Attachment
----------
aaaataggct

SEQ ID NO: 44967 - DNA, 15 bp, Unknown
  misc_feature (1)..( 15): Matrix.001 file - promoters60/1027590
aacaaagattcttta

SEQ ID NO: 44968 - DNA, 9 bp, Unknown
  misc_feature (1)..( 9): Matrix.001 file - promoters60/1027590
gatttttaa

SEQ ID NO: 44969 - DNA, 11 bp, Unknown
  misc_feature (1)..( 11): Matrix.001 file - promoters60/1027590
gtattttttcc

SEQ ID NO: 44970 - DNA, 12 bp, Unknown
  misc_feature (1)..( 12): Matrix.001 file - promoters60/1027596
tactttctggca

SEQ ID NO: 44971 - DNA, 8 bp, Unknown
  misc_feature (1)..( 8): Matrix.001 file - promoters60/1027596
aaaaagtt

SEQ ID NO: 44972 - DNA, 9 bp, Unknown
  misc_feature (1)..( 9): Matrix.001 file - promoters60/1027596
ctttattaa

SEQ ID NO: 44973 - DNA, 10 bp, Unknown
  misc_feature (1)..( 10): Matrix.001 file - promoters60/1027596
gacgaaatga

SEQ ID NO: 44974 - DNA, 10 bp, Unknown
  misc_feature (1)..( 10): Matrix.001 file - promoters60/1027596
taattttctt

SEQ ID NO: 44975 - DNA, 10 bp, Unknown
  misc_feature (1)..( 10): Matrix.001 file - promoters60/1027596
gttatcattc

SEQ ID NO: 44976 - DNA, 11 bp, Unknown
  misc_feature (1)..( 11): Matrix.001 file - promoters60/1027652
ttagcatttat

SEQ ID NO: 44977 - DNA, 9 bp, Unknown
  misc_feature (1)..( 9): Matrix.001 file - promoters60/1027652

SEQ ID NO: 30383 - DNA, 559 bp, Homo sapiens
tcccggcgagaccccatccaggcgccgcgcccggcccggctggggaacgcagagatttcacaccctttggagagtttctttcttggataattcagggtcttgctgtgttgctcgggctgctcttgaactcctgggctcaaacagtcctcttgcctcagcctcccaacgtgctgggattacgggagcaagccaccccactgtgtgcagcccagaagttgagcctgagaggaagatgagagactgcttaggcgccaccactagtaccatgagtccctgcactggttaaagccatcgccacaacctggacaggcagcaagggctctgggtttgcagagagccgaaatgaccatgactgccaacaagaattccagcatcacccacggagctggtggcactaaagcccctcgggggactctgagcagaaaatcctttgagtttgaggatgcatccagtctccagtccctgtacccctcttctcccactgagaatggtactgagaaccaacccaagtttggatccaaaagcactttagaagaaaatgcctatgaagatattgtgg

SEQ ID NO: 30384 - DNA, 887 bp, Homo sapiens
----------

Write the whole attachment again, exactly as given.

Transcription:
aaaataggct

SEQ ID NO: 44967 - DNA, 15 bp, Unknown
  misc_feature (1)..( 15): Matrix.001 file - promoters60/1027590
aacaaagattcttta

SEQ ID NO: 44968 - DNA, 9 bp, Unknown
  misc_feature (1)..( 9): Matrix.001 file - promoters60/1027590
gatttttaa

SEQ ID NO: 44969 - DNA, 11 bp, Unknown
  misc_feature (1)..( 11): Matrix.001 file - promoters60/1027590
gtattttttcc

SEQ ID NO: 44970 - DNA, 12 bp, Unknown
  misc_feature (1)..( 12): Matrix.001 file - promoters60/1027596
tactttctggca

SEQ ID NO: 44971 - DNA, 8 bp, Unknown
  misc_feature (1)..( 8): Matrix.001 file - promoters60/1027596
aaaaagtt

SEQ ID NO: 44972 - DNA, 9 bp, Unknown
  misc_feature (1)..( 9): Matrix.001 file - promoters60/1027596
ctttattaa

SEQ ID NO: 44973 - DNA, 10 bp, Unknown
  misc_feature (1)..( 10): Matrix.001 file - promoters60/1027596
gacgaaatga

SEQ ID NO: 44974 - DNA, 10 bp, Unknown
  misc_feature (1)..( 10): Matrix.001 file - promoters60/1027596
taattttctt

SEQ ID NO: 44975 - DNA, 10 bp, Unknown
  misc_feature (1)..( 10): Matrix.001 file - promoters60/1027596
gttatcattc

SEQ ID NO: 44976 - DNA, 11 bp, Unknown
  misc_feature (1)..( 11): Matrix.001 file - promoters60/1027652
ttagcatttat

SEQ ID NO: 44977 - DNA, 9 bp, Unknown
  misc_feature (1)..( 9): Matrix.001 file - promoters60/1027652

SEQ ID NO: 30383 - DNA, 559 bp, Homo sapiens
tcccggcgagaccccatccaggcgccgcgcccggcccggctggggaacgcagagatttcacaccctttggagagtttctttcttggataattcagggtcttgctgtgttgctcgggctgctcttgaactcctgggctcaaacagtcctcttgcctcagcctcccaacgtgctgggattacgggagcaagccaccccactgtgtgcagcccagaagttgagcctgagaggaagatgagagactgcttaggcgccaccactagtaccatgagtccctgcactggttaaagccatcgccacaacctggacaggcagcaagggctctgggtttgcagagagccgaaatgaccatgactgccaacaagaattccagcatcacccacggagctggtggcactaaagcccctcgggggactctgagcagaaaatcctttgagtttgaggatgcatccagtctccagtccctgtacccctcttctcccactgagaatggtactgagaaccaacccaagtttggatccaaaagcactttagaagaaaatgcctatgaagatattgtgg

SEQ ID NO: 30384 - DNA, 887 bp, Homo sapiens